Maria van der Hoeven, the IEA’s Executive Director, visited the Ladakh region in the Indian state of Jammu and Kashmir from 6 to 8 September to experience the benefits brought by decentralised solar photovoltaic (PV) and solar thermal systems to a population living at an altitude of about 4,000 meters.
13 September 2012
During her visit to the region, which formed part of her annual high-level policy dialogue with Indian officials, Ms. Van der Hoeven inaugurated a 12.5 kilowatt-peak solar PV power plant at the Government Degree College and a second solar PV power plant at the Lamdon Senior Secondary School Hostel. Annual per-capita electricity consumption across India is 597 kilowatt-hours, according to IEA data from 2011.
The Ladkah region is heavily dependent on hydropower, diesel and kerosene to meet its energy requirements, but the hostile natural environment during long winters creates substantial energy vulnerability since roads and air links cannot be operated reliably throughout the year.
Since June 2010, the Ladakh Renewable Energy Development Agency – which is a nodal agency of the Indian Ministry of New and Renewable Energy – has been implementing 125 off-grid solar PV power plants for village electrification in order to benefit educational, medical and religious institutions, as well as promoting solar water heater and greenhouse installation, solar cooking systems, space heating (for warming enclosed areas) and solar powered irrigation projects.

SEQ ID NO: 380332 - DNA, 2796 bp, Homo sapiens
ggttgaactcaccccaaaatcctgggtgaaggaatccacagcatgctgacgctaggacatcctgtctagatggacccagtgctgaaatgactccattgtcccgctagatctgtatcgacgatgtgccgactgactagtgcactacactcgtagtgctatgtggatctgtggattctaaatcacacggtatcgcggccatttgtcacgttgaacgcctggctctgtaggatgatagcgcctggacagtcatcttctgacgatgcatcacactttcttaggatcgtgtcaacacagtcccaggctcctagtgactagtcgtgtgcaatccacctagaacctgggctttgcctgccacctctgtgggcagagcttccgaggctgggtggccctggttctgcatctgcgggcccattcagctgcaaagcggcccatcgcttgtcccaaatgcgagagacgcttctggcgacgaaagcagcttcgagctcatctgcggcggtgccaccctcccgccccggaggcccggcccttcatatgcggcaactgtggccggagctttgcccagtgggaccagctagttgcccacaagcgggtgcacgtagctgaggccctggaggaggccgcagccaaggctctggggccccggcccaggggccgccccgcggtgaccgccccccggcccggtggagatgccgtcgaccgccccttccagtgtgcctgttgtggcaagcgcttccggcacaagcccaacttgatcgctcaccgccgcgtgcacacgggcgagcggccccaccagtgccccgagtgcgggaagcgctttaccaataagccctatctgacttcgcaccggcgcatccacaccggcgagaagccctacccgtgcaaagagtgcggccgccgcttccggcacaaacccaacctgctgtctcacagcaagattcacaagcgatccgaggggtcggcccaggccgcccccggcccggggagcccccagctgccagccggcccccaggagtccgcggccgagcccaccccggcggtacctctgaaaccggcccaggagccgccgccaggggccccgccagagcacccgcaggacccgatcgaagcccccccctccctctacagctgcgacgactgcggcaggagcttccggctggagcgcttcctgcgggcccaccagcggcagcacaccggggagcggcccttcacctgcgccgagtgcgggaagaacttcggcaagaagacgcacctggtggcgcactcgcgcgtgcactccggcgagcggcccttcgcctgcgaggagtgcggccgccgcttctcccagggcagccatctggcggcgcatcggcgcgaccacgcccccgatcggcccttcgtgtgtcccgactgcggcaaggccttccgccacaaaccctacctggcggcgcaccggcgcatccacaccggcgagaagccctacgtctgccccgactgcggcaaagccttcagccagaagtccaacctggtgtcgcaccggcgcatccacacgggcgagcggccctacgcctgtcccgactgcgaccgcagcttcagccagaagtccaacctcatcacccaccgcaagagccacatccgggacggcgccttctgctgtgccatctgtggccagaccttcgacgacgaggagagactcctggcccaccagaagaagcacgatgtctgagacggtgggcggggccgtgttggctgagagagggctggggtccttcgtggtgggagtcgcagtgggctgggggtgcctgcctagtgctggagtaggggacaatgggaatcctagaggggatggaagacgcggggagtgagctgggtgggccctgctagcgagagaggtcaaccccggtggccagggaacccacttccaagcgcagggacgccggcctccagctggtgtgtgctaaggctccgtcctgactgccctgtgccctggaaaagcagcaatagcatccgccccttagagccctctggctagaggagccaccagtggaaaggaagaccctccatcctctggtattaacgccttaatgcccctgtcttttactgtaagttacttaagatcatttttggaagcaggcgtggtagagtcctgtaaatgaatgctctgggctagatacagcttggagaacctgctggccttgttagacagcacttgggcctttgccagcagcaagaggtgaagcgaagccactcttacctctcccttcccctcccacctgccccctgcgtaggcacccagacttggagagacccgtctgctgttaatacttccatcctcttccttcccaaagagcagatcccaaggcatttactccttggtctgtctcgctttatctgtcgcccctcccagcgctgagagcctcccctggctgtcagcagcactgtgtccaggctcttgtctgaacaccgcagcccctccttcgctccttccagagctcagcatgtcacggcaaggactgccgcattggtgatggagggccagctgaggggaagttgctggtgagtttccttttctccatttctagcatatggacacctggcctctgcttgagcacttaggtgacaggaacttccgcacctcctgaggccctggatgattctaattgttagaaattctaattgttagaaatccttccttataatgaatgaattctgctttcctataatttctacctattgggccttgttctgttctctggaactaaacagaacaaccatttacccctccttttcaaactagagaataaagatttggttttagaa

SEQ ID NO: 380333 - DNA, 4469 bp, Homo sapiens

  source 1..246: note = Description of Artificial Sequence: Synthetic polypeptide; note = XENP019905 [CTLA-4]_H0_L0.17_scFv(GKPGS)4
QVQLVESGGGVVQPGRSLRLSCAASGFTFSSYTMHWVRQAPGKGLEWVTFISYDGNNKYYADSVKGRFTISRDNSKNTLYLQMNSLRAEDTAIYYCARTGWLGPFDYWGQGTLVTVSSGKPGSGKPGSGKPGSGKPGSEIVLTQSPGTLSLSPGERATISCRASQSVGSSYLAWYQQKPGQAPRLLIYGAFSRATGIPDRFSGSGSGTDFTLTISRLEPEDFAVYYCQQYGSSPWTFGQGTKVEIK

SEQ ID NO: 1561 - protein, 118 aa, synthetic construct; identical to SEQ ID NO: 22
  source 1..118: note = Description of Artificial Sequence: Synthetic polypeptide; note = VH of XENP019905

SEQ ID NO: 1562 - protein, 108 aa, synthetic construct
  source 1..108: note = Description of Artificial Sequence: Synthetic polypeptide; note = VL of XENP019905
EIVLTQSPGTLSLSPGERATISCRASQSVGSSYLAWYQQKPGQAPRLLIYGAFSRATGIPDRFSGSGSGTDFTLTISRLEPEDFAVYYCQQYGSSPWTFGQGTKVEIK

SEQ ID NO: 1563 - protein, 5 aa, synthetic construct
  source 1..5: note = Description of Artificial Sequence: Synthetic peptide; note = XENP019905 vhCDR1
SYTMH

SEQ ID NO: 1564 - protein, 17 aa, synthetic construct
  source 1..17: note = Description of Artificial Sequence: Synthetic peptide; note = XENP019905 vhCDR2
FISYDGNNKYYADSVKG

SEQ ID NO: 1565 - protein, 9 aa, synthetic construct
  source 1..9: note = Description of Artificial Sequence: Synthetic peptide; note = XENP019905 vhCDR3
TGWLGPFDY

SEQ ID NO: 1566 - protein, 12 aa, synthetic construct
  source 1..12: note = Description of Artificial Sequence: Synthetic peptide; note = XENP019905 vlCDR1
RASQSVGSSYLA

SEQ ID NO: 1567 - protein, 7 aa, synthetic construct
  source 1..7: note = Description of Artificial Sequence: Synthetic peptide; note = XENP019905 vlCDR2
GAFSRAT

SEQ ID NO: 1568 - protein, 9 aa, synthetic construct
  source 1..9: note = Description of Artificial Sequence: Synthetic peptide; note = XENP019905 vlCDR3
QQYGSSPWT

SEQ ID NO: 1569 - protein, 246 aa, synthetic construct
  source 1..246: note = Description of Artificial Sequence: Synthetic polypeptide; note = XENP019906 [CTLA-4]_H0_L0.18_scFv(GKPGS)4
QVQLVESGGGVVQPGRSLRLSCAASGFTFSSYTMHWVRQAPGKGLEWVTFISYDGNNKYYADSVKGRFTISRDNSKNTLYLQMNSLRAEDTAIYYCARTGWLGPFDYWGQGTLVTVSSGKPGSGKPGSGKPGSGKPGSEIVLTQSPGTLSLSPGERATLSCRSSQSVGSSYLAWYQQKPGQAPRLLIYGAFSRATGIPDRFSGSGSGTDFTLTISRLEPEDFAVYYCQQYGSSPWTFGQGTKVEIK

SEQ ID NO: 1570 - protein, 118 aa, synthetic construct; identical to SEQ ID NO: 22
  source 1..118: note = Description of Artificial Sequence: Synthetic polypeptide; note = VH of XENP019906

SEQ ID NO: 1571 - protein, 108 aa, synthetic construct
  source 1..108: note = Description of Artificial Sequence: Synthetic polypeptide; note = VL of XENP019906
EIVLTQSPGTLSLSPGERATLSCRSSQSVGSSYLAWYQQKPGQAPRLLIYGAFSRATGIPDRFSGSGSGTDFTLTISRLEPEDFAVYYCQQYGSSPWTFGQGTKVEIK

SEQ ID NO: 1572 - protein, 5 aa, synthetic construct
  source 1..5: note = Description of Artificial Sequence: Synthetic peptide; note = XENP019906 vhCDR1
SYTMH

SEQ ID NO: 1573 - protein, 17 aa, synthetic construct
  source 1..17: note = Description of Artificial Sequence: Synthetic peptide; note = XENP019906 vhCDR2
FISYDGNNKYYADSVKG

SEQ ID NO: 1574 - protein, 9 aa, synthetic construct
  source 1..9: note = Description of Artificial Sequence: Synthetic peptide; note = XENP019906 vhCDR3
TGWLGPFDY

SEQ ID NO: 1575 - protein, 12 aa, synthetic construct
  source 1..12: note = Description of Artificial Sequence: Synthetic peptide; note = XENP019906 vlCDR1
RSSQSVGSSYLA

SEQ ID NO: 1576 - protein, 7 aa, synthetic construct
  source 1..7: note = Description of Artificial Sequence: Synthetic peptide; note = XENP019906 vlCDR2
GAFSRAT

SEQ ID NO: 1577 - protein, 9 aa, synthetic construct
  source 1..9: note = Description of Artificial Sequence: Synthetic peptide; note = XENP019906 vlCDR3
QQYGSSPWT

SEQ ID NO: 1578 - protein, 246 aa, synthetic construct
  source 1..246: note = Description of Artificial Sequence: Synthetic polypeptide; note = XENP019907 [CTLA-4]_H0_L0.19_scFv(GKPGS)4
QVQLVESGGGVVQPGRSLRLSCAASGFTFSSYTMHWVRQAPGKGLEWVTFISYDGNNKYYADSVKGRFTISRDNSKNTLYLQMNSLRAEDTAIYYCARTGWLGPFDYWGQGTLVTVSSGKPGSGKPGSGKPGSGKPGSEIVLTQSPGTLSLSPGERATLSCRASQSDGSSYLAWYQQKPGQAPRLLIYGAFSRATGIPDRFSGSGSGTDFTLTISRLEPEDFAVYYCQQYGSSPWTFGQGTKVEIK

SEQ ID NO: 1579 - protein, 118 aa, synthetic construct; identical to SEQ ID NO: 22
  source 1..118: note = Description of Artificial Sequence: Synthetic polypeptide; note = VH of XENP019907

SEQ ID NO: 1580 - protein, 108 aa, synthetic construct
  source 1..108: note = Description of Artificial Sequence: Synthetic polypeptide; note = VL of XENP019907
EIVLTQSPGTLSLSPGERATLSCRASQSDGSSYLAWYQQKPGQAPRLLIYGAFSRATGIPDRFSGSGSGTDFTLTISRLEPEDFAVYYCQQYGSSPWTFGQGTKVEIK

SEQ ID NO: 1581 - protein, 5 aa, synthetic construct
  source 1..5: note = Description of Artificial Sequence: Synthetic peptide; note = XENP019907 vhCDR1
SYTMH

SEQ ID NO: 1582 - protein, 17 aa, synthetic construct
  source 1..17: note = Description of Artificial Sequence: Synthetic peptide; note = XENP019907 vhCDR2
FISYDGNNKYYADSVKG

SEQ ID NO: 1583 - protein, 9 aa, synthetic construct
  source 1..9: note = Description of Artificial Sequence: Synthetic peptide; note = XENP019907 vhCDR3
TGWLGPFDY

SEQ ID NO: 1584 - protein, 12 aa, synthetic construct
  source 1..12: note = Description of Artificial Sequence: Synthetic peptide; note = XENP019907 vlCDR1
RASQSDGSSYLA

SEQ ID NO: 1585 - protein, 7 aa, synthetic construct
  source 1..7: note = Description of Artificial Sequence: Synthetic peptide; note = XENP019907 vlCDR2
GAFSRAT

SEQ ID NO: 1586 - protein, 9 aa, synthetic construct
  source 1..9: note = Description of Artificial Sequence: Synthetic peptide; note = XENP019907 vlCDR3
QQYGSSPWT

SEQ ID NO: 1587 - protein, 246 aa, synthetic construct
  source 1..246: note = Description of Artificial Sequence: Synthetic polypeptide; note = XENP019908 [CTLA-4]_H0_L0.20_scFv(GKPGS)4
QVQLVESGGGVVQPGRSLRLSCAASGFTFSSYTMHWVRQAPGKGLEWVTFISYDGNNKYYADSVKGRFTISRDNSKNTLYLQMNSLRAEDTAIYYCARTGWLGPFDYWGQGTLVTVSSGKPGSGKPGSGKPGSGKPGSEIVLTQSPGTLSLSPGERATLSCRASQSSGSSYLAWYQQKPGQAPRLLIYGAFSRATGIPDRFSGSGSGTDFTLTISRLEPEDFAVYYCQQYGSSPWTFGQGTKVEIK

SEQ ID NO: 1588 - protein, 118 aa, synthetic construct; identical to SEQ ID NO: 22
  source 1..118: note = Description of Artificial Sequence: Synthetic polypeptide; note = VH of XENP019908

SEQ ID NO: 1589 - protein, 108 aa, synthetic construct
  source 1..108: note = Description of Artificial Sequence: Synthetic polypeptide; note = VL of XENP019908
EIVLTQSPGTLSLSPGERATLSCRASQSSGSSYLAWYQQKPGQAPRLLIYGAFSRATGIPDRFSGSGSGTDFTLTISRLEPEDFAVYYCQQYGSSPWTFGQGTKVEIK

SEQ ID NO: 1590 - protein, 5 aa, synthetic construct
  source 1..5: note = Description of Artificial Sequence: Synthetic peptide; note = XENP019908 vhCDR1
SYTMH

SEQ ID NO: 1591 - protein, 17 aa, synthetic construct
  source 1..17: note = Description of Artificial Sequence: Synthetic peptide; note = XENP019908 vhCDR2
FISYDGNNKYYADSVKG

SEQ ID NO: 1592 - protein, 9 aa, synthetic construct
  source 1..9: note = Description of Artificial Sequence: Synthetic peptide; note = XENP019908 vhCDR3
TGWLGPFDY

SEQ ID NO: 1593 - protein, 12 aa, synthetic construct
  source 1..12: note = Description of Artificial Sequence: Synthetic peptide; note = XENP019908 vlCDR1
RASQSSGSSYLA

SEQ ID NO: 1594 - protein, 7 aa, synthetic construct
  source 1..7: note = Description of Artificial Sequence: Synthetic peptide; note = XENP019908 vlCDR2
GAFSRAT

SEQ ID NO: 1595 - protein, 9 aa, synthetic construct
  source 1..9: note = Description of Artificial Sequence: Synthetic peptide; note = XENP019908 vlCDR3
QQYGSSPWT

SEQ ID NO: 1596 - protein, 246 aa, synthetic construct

In addition to minimising dependence on diesel and kerosene, and thereby reducing greenhouse emissions, the project aims to improve energy access in dispersed communities. Those communities, where the majority of Ladakh’s population live, experience substantial energy hardship due to their isolated locations.
The project in Ladakh is part of India’s overall push for renewable energy. The country launched an ambitious plan in 2010 to significantly augment solar power. As of January 2012, installed capacity of renewable power generation totalled 23 Gigawatts (GW), equivalent to nearly 12% of total power capacity, though solar photovoltaic represented only 2% of total renewable installation. But India’s 12th Five-Year Plan (FY 2012-17) envisages an ambitious capacity expansion of renewable power of nearly 30 GW, a third of it solar.
During her visit to India, Ms. Van der Hoeven also had meetings with the Minister of Power, Mr. Veerappa Moily, the Minister of Petroleum and Natural Gas, Mr. Jaipal Reddy and Mr. Montek Singh Ahluwalia, the Deputy Chairman of the Planning Commission. She also met with the Minister of New and Renewable Energy, Dr. Farookh Abdullah, who invited her to visit Ladakh.
Ms. Van der Hoeven also presented key findings from the IEA’s Energy Technology Perspectives 2012 publication at a roundtable event organised by the Federation of Indian Chambers of Commerce and Industry.